"I was at the scene the night of the murder and, unfortunately, have first-hand knowledge of the condition she was in, so I am prejudiced," Commonwealth's Attorney Richie Bottoms said after Tuesday's resentencing. "I can never excuse or condone that conduct to the point of Mr. Anderson ever being allowed to walk the streets again."
Members of Pulliam's family were present Tuesday and spoke with Bottoms afterward.
"I think they are satisfied by the judge's decision to give the maximum that the law allows, but they are obviously disappointed in the supreme court ruling that the life without parole sentence cannot stand," the prosecutor said.
In jail since the day after Pulliam's murder, Anderson will get credit for time already served, which is almost three years. He will be eligible for his first parole hearing in 22 years.
Faces other charges based on threats to judge
Anderson has another case pending for allegedly threatening Peckler after the judge imposed the original sentence. Anderson reportedly told Mercer Jailer Cleo Baker that he would be on the streets again someday and "Judge Peckler would pay."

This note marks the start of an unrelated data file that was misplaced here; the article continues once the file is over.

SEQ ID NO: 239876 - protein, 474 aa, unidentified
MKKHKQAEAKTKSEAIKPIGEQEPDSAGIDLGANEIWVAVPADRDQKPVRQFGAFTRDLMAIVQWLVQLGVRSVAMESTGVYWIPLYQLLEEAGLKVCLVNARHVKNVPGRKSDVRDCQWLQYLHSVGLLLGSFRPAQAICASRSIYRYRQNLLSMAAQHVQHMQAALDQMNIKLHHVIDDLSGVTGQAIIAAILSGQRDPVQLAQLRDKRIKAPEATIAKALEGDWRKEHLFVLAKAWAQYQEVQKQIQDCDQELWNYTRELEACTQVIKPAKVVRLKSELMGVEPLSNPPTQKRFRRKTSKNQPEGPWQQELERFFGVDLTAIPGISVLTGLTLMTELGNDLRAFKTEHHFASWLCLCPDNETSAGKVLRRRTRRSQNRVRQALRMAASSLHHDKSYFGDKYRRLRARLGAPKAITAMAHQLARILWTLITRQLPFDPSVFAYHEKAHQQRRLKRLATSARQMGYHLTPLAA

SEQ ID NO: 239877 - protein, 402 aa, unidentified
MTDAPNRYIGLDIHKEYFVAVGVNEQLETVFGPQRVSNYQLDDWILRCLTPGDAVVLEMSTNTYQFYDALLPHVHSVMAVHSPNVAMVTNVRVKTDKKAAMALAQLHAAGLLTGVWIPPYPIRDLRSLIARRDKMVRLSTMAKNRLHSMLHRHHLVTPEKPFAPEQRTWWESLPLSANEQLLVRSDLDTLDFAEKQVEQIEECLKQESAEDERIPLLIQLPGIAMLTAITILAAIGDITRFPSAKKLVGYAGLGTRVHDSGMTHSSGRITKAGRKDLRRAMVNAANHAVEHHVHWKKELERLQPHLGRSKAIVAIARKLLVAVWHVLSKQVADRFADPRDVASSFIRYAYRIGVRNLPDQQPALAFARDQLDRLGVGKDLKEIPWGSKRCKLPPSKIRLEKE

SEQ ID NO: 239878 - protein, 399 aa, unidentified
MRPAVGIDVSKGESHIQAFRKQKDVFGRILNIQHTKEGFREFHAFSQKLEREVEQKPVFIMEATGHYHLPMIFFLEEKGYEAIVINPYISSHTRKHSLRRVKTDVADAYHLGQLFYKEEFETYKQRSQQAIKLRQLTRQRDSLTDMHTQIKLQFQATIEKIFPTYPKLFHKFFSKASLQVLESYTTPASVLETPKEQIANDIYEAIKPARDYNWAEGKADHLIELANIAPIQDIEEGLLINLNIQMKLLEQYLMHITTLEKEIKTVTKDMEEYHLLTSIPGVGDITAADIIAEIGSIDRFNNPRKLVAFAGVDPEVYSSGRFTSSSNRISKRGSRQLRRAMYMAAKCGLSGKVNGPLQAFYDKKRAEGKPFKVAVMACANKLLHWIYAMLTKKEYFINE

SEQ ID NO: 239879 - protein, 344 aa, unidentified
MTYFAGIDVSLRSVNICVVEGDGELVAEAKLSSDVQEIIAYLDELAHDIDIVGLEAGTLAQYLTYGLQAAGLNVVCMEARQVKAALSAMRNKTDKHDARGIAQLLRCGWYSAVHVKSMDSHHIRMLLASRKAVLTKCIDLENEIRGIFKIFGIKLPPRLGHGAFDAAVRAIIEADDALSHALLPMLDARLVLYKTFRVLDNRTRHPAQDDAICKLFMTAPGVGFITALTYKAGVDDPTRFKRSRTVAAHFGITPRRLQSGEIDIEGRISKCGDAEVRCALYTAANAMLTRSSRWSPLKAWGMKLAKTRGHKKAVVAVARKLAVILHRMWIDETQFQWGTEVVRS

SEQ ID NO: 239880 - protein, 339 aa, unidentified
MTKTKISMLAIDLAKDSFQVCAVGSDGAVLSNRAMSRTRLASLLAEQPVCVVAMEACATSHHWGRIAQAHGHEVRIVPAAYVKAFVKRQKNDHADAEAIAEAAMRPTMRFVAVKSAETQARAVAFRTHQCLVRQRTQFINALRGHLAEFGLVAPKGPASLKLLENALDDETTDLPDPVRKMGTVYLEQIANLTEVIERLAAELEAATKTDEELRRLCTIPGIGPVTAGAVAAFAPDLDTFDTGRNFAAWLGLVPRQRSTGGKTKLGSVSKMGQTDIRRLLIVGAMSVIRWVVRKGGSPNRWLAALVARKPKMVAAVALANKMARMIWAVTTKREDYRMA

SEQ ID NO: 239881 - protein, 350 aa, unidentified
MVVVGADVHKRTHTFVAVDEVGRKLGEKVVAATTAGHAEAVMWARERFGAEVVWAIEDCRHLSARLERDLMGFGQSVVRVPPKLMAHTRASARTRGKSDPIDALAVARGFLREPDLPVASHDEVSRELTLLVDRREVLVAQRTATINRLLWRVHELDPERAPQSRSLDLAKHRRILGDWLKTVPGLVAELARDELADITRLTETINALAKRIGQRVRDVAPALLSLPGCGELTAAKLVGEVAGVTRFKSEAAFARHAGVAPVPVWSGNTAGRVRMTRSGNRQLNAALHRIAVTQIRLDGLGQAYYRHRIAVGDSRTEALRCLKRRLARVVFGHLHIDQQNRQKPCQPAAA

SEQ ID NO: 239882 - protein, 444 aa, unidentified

That case will be heard by special judge Thomas P. Jones and will be heard in Anderson County. No trial date has been set but Bottoms speculated it could come up in March.
The prosecutor said that even if Anderson is found guilty of threatening Peckler, it would not add any time to the prison sentence imposed Tuesday.
"I don't think there can be additional years to a life sentence," Bottoms said.
A conviction might change Anderson classification within the corrections system and could come into play when Anderson comes up for parole, depending on how he handles the rest of his incarceration, Bottoms said.
"A lot of attention will be paid to his actions," he said. "If he winds up being a model prisoner, so to speak, I don't know if (the threat case) would have any bearing. If he continues to have issue and problems within the system, then this case will continue to be looked at."